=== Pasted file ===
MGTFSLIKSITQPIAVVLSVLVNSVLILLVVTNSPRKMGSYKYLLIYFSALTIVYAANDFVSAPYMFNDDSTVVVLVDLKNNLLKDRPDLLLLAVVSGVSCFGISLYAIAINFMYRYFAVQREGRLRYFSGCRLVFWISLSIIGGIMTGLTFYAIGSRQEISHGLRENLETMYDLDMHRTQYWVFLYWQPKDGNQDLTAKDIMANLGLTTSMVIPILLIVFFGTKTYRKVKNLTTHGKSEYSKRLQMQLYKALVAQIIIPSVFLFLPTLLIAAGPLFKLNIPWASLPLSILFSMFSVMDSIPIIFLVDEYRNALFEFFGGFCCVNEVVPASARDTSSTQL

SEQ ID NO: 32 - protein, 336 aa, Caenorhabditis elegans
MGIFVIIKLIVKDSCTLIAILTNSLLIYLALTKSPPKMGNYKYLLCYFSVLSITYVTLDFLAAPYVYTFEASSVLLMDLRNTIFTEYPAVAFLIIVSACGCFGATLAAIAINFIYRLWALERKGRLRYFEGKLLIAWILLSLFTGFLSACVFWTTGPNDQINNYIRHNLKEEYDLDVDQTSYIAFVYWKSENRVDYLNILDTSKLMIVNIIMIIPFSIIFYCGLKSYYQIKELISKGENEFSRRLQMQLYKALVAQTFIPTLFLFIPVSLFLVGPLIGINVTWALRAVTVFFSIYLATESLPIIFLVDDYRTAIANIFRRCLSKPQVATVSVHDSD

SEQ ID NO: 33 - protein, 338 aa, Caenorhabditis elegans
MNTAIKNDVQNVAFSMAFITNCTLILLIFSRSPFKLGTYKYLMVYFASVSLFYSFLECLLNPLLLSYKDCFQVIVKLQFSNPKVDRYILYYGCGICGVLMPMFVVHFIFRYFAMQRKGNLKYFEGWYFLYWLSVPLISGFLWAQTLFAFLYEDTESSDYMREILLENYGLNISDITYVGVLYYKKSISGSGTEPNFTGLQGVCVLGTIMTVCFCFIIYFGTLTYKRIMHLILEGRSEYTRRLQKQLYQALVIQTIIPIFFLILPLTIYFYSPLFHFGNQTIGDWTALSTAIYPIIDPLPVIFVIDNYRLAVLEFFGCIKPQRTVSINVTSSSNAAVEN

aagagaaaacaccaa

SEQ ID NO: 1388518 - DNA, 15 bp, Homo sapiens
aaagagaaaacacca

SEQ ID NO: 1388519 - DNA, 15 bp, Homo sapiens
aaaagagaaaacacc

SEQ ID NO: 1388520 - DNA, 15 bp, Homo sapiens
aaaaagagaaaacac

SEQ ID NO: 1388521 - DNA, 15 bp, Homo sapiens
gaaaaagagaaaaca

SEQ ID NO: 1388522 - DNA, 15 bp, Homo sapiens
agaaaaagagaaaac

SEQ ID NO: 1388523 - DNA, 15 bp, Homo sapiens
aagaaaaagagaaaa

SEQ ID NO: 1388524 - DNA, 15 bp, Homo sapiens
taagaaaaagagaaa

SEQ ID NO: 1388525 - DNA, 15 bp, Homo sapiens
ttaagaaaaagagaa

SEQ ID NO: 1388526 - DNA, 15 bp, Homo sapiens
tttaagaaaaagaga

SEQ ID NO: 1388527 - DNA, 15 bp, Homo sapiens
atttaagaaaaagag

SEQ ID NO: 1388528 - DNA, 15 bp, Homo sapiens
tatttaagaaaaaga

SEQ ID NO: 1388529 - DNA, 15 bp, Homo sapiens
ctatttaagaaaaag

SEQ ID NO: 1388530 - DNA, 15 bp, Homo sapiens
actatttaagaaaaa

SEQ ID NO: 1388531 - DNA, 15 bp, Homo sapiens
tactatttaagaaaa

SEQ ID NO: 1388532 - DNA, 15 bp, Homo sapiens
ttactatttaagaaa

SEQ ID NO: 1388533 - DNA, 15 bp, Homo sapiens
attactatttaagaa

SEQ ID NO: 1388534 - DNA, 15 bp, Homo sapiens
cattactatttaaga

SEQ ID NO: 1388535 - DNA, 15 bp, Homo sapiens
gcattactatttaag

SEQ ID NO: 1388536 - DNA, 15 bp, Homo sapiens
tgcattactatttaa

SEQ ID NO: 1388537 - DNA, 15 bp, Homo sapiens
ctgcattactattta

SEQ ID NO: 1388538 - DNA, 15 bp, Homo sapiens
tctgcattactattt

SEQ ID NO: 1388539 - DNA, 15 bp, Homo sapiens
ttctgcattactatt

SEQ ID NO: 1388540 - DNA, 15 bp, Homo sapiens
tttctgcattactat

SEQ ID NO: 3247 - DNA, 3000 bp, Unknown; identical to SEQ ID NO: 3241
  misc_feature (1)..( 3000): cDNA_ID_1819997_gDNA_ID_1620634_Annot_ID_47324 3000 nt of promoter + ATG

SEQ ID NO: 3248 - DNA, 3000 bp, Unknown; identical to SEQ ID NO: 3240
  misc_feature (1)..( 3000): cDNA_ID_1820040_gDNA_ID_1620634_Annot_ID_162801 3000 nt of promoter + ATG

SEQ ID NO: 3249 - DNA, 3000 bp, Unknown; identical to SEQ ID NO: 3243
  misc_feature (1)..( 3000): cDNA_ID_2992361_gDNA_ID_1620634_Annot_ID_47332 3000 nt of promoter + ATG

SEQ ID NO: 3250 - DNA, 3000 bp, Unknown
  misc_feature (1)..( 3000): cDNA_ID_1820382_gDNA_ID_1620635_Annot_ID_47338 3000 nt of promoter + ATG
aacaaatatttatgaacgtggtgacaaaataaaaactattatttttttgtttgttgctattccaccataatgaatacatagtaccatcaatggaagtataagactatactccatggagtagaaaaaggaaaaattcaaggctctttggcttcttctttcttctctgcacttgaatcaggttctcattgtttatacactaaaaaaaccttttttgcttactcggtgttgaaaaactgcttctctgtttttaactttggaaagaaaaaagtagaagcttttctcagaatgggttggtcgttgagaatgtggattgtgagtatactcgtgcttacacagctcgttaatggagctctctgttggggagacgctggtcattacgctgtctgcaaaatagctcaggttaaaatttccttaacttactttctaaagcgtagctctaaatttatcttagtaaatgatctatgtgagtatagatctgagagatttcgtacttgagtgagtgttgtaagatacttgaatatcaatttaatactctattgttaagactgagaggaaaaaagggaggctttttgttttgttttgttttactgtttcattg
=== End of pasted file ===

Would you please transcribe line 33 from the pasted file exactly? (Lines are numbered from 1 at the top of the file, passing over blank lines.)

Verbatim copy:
SEQ ID NO: 1388531 - DNA, 15 bp, Homo sapiens